Ninety %, not Ten
Yes, Things are bad. But is all the world really as bad as we make it out to be?
I’m sure there’s been a study out there that’s been done on the nature of the stories that we see on the news each night. Maybe not just at night, but morning news, midday news, afternoon news and late night bulletins as well. Without knowing the stats, I’d be willing to bet that the vast majority of the news items are bad news, sad news and sensationalised items at the very least. If I were to put a figure on it (including all of those yukky stories about poorly behaved sporting ‘heroes’), I’m guessing about 90 percent of the news stories we view/read/hear have some sort of bad or sour twist in them – just so we will keep tuning in.
Is our world really as bad as that? I’m thinking not. Sure, Terrorism in New Zealand, One Nation and the NRA, warzones and famine – that’s about as bad as it can get. These things have to be reported on, and unfortunately we do need to be kept informed of this ugly reality in our lives. But it’s all of the other not-quite-as-bad kind-of news that totally dominates our airwaves. Do we need to hear about Mr Trump’s antics every single day? Can the same-old-news about the demolishing of the stadiums be set aside for a while? Do we really need to know of the latest gaff by a politician? Does every over-the-limit driver, or speed demon who caused a bad accident, or clumsy crim who fell through the roof whilst robbing at midnight have to be reported on? Do we need to know about every drug den that’s been raided? I don’t believe what we see on the news is really an accurate reflection of the state of our world, and certainly not of the Lucky Country.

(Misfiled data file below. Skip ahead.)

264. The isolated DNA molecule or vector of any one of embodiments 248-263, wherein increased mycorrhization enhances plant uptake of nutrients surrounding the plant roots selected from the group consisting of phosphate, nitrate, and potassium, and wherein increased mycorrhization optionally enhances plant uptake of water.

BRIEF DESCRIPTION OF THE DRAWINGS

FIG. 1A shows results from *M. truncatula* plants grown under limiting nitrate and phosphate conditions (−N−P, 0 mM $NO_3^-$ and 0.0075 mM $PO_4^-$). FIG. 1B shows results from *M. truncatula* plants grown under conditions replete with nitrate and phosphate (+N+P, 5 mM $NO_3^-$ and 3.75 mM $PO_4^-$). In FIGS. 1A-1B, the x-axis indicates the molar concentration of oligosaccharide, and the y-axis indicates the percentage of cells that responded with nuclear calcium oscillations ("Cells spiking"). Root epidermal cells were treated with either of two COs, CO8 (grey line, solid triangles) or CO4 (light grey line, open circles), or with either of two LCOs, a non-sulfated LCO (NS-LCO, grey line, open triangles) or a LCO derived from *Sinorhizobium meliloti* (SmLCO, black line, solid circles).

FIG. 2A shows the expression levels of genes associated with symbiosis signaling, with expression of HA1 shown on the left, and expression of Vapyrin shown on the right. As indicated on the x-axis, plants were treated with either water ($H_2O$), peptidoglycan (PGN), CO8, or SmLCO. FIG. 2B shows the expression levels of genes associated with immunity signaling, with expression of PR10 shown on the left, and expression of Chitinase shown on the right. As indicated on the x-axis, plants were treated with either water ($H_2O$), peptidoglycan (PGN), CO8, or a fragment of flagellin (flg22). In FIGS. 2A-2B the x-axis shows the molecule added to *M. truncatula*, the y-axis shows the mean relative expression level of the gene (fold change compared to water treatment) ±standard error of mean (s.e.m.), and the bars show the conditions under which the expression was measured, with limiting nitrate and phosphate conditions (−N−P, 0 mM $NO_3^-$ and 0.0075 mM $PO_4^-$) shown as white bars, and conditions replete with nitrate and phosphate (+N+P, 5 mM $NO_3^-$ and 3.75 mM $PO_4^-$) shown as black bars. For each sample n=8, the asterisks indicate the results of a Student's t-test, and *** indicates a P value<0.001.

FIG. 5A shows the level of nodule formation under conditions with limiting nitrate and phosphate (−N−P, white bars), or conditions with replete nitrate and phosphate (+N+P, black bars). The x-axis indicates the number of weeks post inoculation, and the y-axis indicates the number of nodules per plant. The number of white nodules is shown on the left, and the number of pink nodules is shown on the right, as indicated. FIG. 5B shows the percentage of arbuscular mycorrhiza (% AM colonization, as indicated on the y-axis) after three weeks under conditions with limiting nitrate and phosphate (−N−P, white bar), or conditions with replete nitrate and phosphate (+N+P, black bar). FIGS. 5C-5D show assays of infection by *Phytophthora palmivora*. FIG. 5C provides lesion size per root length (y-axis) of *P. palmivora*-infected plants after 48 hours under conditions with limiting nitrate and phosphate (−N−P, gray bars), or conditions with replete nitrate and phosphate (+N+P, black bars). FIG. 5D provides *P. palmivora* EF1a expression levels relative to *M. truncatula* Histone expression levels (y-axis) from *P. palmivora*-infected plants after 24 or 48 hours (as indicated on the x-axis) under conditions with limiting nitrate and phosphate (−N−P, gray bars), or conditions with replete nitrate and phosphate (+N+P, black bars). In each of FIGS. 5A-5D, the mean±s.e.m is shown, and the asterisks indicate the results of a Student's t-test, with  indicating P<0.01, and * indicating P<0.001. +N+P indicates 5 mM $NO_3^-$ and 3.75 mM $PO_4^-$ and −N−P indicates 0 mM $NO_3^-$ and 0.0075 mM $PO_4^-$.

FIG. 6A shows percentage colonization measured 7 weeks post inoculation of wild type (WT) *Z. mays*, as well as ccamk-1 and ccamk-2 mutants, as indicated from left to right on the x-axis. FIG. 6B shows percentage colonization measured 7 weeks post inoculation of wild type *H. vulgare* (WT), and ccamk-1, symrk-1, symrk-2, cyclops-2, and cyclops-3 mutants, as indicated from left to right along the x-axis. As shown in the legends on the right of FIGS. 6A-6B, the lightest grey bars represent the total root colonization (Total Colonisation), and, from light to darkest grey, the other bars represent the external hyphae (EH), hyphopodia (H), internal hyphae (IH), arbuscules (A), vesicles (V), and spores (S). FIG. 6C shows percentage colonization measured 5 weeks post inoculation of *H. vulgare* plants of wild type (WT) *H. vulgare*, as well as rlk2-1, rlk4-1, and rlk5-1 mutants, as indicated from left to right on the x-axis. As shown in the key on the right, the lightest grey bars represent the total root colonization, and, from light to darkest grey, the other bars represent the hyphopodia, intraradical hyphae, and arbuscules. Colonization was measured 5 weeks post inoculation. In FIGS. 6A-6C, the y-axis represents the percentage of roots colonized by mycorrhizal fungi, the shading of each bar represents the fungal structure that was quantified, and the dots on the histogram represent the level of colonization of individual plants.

I’m a worrier. A stresser. Some may call it having an eye for detail and organisation, others might say it’s overinvestment in unimportant things. Maybe. I reckon I’m guilty of spending 90 percent of my time on 10 percent of the things in my life – and those 10 percent would be things that are probably less important in the scheme of things than the other 90. I’ve tried to take a stand in some areas – like honking my horn at drivers on their mobile … it only gets me stressed, they just flip the bird and move on because they’re ‘special’.
I’m gonna change. Not exactly a New Years’ Resolution, but trying to spend my time on the 90 percent of good things in life could maybe see me get a little bit more out of things than I currently do.
The world should change. Jacinda Ardern (or as Pauline calls her ‘Jacinta Ahern’, sheesh) made a commitment to NEVER use the name of the terrorist, ever. Wouldn’t it be good if we took away the audience that the bottom 10% of people in the world so badly and desperately crave? No more Nick, no more nitpicky political stories. No more of the Mr Trump or Pauline circus. No more 15-minutes-of-famers from Married At First Sight (J).
News should change. Whilst quotas have been big news in themselves recently, bringing in an unofficial quota of reporting 90 percent good stuff versus 10 percent of the other stuff might see us bring a little balance to the world. Just like Jacinda did, let’s take away the audience of those 10 percent. Without an audience, there’s a chance they might not do some of their Dark Side deeds. Until then, I’ll only tune in to the news from 6:15pm, when the stories about the lottery winners and the good Samaritans get a run.